Plus, the TV star opens up about how she overcame it.
Model, TV personality, and police officer Penny Lancaster admitted to “bursting into tears” in front of a friend as she discussed her early menopause symptoms on Loose Women last year.
Penny is set to star on Michael McIntyre’s The Wheel tomorrow night on BBC One, among other celebrity guests Dermot O’Leary, Krishnan Guru-Murthy, Judi Love, Michael Vaughan, Craig Revel Horwood, and Nikki Fox.
Now 50, Penny is married to rockstar Sir Rod Stewart, 77, and the pair have two children together. The TV personality first become known as the face of designer lingerie brand Ultimo. She went on to appear in Strictly Come Dancing before joining Loose Women eight years ago.
As Penny spoke about her menopause symptoms on Loose Women, she recalled experiencing uncontrollable fits of tears, crippling anxiety, and a feeling that she had lost her grip.
She said: “I had a few tears with her [the doctor], trying to explain what I’ve been going through in the last few months and she said, ‘You’ve got to get to the point where you say to yourself, ‘I see you’.”
She continued: “You’d feel guilty for being upset, and then you go for coffee with a friend and they say, ‘How are you, everything good?’ And then you burst into tears and you don’t know why you’re crying.”
The doctor prescribed her antidepressants, but according to Penny they only acted as a “form of plaster that covered it up”.
After speaking to an expert at Loose Women, Penny began taking HRT [hormone replacement therapy] tablets and came off the antidepressants.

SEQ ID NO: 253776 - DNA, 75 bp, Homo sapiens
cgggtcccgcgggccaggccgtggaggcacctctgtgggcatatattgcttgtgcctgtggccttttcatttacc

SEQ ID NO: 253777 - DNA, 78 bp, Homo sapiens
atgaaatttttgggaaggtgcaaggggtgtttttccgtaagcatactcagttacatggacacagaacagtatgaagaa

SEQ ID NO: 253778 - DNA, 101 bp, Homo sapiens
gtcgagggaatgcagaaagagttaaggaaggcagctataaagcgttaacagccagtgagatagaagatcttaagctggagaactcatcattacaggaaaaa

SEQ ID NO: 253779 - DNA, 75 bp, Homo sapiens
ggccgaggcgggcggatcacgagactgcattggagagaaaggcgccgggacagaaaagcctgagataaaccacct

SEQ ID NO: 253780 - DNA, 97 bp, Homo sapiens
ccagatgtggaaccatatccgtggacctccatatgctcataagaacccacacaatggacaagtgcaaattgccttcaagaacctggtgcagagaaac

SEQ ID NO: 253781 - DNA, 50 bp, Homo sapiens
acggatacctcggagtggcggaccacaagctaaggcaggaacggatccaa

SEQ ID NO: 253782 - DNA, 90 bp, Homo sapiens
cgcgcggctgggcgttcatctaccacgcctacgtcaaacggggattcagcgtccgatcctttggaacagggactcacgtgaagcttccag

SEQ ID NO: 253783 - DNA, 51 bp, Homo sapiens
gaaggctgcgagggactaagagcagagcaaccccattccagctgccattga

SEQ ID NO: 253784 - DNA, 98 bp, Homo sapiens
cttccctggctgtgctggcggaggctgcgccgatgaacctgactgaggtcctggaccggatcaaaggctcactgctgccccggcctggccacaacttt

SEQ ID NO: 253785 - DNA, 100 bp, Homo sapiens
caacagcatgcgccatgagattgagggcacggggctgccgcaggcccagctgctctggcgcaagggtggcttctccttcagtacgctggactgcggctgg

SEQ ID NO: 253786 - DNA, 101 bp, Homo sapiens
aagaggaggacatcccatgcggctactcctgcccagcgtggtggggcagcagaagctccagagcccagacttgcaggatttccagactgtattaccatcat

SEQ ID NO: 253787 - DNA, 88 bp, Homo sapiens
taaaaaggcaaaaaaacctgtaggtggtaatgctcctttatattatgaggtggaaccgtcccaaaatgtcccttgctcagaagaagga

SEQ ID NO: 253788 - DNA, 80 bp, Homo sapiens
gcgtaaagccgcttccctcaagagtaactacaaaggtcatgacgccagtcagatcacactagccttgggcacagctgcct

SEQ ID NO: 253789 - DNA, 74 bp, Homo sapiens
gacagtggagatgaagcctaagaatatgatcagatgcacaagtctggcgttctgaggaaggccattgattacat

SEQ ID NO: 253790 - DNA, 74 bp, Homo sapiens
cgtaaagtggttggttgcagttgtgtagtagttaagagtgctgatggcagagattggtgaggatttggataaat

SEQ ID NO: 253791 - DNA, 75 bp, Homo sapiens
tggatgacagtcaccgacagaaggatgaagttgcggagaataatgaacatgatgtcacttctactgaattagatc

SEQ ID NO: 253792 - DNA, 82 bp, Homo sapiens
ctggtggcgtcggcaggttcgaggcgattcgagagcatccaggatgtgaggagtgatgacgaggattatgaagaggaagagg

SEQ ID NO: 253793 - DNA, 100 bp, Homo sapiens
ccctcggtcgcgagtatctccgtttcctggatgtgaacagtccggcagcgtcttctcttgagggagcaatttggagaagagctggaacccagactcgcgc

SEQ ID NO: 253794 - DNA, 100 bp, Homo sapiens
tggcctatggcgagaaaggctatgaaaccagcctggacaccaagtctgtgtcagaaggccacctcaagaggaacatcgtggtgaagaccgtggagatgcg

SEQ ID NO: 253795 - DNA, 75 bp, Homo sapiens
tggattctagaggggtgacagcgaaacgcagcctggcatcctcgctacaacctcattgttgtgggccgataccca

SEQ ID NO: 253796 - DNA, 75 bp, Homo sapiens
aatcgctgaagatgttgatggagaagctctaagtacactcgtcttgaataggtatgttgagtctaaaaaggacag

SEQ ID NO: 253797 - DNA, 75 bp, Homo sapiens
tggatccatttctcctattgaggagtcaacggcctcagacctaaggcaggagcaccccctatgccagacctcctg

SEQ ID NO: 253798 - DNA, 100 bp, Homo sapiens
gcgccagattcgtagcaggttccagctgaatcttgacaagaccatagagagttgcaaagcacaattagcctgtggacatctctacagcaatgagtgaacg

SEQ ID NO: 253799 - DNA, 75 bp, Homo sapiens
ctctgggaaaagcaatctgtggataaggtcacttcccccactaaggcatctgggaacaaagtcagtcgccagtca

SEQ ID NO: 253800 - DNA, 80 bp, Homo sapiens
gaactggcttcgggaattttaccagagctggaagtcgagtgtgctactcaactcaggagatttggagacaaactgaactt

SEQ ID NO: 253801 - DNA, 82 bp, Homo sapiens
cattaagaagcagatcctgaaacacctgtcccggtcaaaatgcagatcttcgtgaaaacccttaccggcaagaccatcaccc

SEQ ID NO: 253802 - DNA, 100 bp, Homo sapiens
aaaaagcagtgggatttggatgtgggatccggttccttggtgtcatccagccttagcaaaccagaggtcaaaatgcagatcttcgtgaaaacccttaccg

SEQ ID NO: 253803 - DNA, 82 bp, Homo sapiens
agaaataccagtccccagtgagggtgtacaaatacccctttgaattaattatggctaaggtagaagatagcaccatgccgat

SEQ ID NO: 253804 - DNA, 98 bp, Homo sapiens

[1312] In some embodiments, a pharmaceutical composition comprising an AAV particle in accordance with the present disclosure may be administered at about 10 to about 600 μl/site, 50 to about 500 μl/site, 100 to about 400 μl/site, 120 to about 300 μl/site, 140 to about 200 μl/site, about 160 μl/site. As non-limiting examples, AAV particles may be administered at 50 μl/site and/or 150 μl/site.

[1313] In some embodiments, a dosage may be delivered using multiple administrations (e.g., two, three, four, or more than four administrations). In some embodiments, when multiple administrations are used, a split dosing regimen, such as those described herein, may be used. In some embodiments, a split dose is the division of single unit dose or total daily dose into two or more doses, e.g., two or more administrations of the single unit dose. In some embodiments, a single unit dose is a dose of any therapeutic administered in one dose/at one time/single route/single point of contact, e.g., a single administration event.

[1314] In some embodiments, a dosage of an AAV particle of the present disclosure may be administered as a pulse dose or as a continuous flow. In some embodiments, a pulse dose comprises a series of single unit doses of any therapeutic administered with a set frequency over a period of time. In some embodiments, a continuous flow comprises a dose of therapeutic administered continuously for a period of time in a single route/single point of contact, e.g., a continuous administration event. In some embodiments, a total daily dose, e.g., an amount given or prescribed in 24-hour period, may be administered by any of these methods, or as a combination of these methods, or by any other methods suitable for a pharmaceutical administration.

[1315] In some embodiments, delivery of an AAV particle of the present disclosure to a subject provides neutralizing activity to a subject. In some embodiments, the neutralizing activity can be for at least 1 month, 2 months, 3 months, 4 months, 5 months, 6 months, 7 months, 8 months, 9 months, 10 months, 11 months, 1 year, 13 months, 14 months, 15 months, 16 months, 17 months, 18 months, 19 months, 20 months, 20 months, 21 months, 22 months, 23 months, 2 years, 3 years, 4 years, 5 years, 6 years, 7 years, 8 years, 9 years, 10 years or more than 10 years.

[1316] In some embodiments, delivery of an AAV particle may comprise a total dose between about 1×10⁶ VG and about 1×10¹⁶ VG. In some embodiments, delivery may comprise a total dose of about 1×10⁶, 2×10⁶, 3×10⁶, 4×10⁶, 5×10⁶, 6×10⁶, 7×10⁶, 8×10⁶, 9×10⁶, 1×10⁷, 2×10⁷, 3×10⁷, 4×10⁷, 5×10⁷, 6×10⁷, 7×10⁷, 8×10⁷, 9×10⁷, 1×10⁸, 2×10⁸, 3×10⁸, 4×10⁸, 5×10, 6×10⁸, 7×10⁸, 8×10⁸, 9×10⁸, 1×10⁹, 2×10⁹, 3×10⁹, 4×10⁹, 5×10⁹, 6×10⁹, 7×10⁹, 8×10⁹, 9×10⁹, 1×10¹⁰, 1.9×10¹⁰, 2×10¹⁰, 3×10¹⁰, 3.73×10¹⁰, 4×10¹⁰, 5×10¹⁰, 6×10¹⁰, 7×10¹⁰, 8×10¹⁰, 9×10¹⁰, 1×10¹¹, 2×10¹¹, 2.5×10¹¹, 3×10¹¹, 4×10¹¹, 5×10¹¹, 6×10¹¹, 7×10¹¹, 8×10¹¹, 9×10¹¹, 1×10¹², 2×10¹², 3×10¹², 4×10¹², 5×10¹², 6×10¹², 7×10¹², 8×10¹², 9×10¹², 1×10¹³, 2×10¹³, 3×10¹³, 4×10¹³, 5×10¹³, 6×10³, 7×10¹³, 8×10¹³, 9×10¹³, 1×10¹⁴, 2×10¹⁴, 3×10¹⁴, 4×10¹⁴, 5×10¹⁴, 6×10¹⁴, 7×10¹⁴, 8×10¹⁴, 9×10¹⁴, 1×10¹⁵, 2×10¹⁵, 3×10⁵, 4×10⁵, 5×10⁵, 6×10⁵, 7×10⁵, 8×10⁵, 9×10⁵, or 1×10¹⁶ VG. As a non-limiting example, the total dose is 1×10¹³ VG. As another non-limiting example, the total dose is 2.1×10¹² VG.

Now, she no longer suffers from hot sweats but continues to experience anxiety — a common symptom of menopause — and an underactive thyroid gland.
Penny opened up further about her experiences in an interview with Hello! magazine in October. Remembering one night when her struggles came to a head, she said: “I was calling the boys [son Alastair, 15, and Aiden, 10] down for dinner, and getting impatient.”
“When they eventually came into the kitchen, rowing, I screamed and threw a plate of dinner across the room and burst into tears,” said Penny. “Rod was worried for me. We’re honest and talk openly about everything, but I didn’t know how to explain why I was feeling the way I did.”
“The menopause freaked me out at first,” Penny continued. “I thought, ‘This is the end of the road. I’m not going to have any more sex appeal, I’m not going to be as lenient or forgiving. I’ve got to say goodbye to the old Penny and say hello to the new one.’ I felt it was all shutting down around me. But as you get older you embrace each stage of your life with more maturity, and give yourself a bit of a break.”
Penny explained how she’s changed her perspective about what this new stage of life could mean for her.
“I wanted to show that I’ve still got something to give, which is why I signed up to train as a special constable,” said Penny. “I wanted to continue to be productive, give back and be the best that I can be. So now that I’m on HRT it’s like a fresh start. Not the end, but the beginning of a new chapter.”
If you’re struggling with the impact of the menopause, know that you are not alone. As Penny illustrates, finding support from others can make all the difference, so let’s keep the conversations going.